The busy intersections along Douglaston Parkway are up for a redesign after several requests from Community Board 11 members, according to a proposal by the city Department of Transportation.
Douglaston Parkway’s complex fork at its intersection with 43rd Avenue and 235th and 240th streets will be redone to increase pedestrian safety and reduce the speed of passing cars. The plan includes centralized stops at the intersection, new crosswalks, and re-routing access to westbound 235 Street via 43rd Avenue.
Community board member Douglas Montgomery, whose office is down the block from the intersection, said it’s time the dangerous intersection be addressed.
“Something has to be done very quickly because people are getting injured,” said Montgomery.
Two elderly seniors from Wellesley Gardens were hit at the intersection last year, he added. The local real estate broker went to the 111th Precinct and asked for patrol cars to be placed at the intersection.
“I have almost hit people that walk directly through the intersection,” Montgomery said. “While driving in the middle of the night, a man dressed in dark clothing walked directly in front of me. If I hadn’t paid attention, I would have hit him.”
Community Board District Manager Susan Seinfeld said that they are hoping to start something once the plan is approved.
“I generally feel that it’s a good thing to safeguard pedestrians with clearly marked intersections where they can cross,” she said.
The DOT plans to add pavement markings, concrete safety islands, new signage, painted surfaces and flexible delineators to the existing area that has multiple stops within a short distance and no crosswalk, where pedestrians walk in channelization.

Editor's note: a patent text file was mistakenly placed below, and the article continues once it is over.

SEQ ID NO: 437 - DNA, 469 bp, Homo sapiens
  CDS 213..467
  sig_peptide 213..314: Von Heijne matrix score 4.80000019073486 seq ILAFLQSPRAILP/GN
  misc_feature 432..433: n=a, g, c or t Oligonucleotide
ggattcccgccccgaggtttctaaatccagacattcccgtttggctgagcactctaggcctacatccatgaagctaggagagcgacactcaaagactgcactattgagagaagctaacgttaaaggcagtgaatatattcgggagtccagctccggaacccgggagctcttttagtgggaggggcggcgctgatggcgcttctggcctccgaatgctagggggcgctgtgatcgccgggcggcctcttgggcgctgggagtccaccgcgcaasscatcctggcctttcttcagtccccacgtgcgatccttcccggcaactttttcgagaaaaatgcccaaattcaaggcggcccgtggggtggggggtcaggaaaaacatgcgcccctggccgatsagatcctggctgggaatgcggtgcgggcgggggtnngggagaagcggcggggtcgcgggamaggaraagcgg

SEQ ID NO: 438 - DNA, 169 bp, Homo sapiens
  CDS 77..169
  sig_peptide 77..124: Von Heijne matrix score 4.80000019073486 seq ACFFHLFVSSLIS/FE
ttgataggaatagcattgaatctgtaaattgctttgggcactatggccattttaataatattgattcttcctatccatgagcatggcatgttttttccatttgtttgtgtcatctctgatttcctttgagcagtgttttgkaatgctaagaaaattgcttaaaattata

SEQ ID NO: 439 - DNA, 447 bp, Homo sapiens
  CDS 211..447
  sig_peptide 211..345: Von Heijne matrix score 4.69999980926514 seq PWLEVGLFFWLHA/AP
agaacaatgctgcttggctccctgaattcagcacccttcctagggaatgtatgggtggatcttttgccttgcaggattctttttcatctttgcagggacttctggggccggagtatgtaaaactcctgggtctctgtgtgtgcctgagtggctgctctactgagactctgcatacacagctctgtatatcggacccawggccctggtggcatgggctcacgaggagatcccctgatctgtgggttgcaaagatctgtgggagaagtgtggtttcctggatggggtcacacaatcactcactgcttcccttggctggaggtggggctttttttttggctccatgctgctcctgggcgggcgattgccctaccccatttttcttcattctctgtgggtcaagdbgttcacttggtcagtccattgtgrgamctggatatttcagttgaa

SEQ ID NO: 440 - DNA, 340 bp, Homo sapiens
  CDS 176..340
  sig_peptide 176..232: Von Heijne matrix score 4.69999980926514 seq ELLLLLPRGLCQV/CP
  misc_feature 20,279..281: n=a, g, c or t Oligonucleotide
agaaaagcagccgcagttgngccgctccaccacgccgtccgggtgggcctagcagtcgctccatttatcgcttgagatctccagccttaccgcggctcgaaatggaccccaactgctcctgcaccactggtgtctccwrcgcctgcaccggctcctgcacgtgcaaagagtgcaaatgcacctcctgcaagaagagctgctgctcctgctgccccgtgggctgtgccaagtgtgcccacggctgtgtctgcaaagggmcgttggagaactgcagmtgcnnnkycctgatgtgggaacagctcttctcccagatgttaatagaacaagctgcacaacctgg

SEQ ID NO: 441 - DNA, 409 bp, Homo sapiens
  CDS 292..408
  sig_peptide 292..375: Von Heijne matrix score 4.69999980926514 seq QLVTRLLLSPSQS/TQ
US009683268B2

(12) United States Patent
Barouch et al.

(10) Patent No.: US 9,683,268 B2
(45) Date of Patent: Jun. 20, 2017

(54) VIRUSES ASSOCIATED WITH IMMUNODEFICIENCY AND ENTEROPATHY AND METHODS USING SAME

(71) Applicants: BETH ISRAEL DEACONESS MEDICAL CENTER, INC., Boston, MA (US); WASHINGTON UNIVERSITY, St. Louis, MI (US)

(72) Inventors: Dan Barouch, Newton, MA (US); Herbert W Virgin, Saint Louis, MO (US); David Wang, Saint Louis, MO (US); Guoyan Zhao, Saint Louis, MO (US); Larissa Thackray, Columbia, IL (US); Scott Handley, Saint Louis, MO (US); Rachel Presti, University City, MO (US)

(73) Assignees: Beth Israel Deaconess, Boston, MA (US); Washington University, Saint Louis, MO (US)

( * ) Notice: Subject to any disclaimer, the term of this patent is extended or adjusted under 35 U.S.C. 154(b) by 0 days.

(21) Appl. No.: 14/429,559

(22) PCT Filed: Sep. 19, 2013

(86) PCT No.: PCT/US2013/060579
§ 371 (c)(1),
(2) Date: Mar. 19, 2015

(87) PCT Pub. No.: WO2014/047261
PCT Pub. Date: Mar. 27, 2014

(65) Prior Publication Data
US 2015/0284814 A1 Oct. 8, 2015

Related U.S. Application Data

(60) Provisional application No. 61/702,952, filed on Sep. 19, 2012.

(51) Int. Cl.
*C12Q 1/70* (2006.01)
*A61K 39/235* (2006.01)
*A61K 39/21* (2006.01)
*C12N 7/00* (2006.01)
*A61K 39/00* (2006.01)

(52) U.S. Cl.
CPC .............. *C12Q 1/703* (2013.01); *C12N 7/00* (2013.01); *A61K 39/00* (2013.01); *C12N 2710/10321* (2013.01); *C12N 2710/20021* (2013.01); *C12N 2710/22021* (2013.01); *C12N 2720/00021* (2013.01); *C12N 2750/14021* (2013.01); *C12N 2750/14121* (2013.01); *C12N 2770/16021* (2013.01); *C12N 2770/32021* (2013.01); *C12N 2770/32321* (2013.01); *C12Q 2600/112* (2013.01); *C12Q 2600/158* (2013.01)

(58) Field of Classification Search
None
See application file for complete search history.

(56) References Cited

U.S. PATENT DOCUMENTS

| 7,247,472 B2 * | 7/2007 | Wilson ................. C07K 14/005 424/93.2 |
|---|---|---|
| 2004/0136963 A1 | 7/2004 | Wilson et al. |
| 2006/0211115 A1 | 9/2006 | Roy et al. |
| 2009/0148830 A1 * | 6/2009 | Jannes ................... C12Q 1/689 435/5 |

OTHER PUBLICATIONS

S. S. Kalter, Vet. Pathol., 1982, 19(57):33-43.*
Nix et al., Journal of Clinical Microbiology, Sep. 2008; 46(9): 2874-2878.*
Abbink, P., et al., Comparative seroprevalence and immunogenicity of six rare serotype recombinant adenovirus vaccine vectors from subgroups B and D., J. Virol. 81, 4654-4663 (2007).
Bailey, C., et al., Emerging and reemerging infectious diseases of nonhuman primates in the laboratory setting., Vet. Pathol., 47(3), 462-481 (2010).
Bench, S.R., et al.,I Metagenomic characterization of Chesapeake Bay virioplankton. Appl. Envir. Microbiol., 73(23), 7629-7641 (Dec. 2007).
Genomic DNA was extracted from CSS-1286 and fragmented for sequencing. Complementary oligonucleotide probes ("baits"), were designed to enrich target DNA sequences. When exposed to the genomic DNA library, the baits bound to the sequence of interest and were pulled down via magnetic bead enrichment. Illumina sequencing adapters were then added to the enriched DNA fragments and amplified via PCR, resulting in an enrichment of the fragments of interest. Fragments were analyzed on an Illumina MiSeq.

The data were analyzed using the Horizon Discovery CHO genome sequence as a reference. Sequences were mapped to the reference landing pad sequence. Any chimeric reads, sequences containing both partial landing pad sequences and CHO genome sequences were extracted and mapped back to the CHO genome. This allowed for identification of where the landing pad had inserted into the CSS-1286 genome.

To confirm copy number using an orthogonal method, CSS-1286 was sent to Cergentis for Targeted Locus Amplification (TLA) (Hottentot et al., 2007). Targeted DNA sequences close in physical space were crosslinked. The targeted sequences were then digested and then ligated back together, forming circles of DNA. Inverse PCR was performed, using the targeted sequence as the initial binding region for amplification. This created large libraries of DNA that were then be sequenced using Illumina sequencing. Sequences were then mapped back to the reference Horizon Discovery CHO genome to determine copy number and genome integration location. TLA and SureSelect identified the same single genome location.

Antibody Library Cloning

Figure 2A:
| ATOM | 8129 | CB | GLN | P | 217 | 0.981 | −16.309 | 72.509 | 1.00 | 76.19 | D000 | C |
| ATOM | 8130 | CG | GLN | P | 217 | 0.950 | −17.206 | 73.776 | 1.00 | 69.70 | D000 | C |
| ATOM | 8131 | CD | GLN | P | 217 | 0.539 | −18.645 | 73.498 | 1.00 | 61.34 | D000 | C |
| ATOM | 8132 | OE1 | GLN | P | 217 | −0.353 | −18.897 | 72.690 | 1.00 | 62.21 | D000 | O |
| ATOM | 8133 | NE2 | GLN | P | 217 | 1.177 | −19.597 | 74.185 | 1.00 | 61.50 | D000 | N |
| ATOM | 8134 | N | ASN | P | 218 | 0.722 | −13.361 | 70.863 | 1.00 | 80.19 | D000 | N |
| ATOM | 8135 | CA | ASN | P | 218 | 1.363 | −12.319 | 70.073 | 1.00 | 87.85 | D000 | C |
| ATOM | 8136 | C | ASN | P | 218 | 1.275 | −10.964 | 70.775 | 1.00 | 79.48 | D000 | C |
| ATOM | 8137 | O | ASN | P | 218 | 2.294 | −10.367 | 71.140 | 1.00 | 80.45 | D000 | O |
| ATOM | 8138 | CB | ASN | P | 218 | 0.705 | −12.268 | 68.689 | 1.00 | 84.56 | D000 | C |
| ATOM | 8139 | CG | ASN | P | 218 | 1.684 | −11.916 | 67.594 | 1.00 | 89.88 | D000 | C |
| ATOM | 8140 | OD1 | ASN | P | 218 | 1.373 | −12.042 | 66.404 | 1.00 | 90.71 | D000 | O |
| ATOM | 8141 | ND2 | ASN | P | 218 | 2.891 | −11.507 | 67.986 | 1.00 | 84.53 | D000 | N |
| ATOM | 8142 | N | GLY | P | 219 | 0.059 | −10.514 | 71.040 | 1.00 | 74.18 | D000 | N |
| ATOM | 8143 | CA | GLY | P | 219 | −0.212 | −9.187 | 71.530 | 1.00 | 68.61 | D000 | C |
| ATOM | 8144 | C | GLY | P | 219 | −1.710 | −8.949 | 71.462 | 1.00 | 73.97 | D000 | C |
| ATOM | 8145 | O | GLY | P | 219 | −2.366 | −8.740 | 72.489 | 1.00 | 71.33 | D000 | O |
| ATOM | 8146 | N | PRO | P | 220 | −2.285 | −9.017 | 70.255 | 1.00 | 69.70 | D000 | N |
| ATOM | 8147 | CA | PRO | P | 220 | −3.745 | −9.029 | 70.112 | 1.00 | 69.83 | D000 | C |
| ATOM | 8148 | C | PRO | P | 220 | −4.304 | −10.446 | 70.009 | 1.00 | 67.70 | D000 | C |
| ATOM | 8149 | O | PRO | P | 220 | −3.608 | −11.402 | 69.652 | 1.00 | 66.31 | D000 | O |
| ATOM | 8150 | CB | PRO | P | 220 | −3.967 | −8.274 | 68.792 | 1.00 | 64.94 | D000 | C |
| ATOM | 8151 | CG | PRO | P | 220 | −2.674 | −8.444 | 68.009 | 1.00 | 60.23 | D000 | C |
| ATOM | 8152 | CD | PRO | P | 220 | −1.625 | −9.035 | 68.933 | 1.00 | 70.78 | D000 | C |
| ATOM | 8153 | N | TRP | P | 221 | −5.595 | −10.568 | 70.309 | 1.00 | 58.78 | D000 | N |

Elliot Socci, president of the Douglaston Civic Association, said that the DOT’s proposal will increase pedestrian safety, but it won’t be effective enough for the proposed change of the intersection.
“They’re trying to do this at a minimal cost by ripping the land and using paint to change driving habits, that nobody will pay attention to coming to a complete stop,” said Socci. “The danger lies in adding a left turn in the middle of the five-way intersection that will cause more accidents where cars will not slow down.”
Socci said he is concerned the proposed design may or may not achieve the stated goal of pedestrian safety but will create future problems, and when it is addressed again the result will be a traffic light, which will clog traffic and infuriate the community. He added that the new design should include one more crosswalk, from the traffic island for residents from the Wellesley building to the west side of Douglaston Parkway.
“A child living on the west side of Douglaston Parkway would use this crosswalk to get to PS 98. DOT cannot require children to use the tunnel at the LIRR station to get to school,” said Socci.
The Queens Chronicle made numerous inquiries with the DOT but received no response as of printing.